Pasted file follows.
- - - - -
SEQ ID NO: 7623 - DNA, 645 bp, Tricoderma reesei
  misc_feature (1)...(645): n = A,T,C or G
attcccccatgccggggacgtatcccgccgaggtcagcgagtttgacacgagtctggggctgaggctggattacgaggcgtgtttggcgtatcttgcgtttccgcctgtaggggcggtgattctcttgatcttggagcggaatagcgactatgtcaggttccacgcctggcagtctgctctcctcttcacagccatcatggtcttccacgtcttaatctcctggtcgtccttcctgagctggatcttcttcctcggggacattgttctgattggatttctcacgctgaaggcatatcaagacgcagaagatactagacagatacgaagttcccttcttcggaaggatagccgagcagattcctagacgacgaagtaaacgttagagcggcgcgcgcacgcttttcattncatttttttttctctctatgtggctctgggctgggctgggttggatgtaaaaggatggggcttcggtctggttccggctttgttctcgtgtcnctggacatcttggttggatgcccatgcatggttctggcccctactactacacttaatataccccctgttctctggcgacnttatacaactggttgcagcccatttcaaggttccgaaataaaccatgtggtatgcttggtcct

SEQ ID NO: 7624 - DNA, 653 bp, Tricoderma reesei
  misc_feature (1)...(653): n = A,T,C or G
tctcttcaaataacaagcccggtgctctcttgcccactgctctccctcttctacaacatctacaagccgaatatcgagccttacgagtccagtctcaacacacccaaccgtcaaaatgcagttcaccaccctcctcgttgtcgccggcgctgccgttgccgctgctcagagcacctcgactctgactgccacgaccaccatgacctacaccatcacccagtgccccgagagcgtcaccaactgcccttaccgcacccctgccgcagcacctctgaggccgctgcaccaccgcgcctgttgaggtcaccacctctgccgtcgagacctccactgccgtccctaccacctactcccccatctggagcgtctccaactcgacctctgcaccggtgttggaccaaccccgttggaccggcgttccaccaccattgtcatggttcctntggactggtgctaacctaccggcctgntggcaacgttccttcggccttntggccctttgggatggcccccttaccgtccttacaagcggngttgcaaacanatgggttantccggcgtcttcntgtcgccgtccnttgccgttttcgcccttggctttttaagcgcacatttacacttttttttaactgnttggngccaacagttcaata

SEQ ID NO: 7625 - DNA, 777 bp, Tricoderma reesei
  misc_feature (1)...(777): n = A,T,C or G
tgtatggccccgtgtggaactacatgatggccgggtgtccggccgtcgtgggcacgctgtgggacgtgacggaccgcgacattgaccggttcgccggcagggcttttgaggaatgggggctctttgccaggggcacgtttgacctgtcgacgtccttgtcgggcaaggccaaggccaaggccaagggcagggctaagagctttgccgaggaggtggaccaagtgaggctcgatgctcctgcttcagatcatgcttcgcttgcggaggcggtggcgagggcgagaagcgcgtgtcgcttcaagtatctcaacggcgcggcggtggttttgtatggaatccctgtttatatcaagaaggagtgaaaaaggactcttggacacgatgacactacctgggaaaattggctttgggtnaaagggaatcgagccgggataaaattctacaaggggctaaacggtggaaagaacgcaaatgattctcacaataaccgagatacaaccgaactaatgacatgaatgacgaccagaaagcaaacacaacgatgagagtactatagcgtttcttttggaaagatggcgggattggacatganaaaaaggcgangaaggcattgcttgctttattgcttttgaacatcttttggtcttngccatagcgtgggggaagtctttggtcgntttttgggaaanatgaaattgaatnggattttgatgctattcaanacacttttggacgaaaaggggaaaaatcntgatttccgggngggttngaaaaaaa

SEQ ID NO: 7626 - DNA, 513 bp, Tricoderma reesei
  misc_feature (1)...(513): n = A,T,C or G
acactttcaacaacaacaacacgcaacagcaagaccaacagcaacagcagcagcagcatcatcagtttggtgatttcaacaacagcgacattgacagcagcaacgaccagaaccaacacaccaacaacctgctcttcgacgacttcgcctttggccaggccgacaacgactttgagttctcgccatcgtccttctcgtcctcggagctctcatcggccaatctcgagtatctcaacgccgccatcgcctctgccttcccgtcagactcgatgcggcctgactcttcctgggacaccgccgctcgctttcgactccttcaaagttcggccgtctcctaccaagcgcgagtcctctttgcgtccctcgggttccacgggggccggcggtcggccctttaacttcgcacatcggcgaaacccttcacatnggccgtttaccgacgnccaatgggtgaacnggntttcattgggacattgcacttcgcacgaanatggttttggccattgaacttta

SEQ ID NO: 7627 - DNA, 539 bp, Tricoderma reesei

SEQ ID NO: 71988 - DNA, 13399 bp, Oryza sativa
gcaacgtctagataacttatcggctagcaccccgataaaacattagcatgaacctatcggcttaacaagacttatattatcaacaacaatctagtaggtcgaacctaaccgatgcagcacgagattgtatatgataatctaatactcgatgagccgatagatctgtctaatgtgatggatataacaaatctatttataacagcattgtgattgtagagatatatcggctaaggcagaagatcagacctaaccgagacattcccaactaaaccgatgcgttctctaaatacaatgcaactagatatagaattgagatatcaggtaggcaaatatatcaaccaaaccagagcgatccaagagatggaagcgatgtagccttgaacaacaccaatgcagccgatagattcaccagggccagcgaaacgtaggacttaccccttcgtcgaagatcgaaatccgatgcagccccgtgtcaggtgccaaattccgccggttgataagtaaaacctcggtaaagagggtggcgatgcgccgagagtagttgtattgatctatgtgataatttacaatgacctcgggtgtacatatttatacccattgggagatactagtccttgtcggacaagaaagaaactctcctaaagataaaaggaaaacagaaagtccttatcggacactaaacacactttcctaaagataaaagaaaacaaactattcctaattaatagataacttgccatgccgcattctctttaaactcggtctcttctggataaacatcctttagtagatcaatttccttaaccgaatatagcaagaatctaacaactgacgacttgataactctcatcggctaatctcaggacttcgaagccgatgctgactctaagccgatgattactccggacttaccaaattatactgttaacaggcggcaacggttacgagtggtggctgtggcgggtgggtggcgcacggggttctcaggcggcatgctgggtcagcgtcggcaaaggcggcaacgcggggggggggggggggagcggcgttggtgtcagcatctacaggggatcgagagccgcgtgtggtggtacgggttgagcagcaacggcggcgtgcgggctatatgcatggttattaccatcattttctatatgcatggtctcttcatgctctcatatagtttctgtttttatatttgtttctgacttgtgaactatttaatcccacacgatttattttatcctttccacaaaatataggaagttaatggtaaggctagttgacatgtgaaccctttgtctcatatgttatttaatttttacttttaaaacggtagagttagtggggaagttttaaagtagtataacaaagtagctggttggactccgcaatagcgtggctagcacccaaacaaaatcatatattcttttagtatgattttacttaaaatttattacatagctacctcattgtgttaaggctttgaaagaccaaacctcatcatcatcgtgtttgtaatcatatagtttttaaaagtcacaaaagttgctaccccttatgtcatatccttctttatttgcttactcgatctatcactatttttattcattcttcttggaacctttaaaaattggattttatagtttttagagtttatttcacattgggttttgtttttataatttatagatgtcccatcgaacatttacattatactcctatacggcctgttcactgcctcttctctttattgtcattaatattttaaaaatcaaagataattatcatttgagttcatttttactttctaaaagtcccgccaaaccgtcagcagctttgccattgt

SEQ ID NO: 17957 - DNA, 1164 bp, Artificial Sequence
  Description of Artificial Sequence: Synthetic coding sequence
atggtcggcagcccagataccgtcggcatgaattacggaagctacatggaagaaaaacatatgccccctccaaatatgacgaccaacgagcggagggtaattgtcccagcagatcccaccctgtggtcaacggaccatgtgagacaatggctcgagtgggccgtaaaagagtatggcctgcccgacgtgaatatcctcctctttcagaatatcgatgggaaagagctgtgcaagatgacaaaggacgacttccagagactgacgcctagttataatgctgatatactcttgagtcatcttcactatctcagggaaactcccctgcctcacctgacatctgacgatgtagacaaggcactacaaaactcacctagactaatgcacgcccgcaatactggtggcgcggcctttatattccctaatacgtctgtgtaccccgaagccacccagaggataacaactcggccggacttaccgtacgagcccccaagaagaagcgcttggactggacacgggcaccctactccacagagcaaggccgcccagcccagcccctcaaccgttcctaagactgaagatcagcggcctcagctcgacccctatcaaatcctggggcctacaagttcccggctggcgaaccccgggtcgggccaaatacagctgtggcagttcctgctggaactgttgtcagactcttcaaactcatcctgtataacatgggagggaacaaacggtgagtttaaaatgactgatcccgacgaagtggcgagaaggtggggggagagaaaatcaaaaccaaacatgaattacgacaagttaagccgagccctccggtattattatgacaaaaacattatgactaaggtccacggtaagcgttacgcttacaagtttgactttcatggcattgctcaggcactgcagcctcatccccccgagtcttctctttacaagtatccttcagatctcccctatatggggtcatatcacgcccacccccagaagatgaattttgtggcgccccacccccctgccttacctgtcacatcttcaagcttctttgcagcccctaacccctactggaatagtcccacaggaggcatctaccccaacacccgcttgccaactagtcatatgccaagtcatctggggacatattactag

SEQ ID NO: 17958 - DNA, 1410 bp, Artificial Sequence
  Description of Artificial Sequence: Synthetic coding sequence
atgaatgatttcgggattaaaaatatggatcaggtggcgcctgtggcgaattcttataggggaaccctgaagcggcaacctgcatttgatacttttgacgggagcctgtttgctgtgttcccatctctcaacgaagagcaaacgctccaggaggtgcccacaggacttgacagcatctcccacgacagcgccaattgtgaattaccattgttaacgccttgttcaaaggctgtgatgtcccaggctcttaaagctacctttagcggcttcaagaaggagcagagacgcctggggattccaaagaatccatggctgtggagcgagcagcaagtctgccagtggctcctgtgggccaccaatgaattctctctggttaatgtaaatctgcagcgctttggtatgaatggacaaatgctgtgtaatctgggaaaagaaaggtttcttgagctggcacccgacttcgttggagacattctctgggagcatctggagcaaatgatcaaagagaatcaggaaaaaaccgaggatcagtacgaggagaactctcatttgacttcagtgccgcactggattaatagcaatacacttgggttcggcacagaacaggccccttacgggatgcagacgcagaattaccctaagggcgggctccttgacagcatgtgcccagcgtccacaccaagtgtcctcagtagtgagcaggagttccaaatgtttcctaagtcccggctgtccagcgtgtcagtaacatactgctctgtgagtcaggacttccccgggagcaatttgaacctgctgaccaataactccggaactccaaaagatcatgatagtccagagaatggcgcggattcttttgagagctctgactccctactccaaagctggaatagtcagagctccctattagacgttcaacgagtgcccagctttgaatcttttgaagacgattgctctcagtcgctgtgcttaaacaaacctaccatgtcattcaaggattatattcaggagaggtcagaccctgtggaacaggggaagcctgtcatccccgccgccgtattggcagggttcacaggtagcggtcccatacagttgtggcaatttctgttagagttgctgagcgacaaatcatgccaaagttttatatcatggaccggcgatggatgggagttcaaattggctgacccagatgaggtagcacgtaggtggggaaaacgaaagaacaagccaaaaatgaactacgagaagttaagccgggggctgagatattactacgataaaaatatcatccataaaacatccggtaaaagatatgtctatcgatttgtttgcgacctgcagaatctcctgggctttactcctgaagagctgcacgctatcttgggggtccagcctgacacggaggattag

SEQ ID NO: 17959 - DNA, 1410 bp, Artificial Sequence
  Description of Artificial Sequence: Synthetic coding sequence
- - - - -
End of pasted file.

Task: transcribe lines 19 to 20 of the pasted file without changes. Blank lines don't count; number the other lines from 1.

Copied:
SEQ ID NO: 17958 - DNA, 1410 bp, Artificial Sequence
  Description of Artificial Sequence: Synthetic coding sequence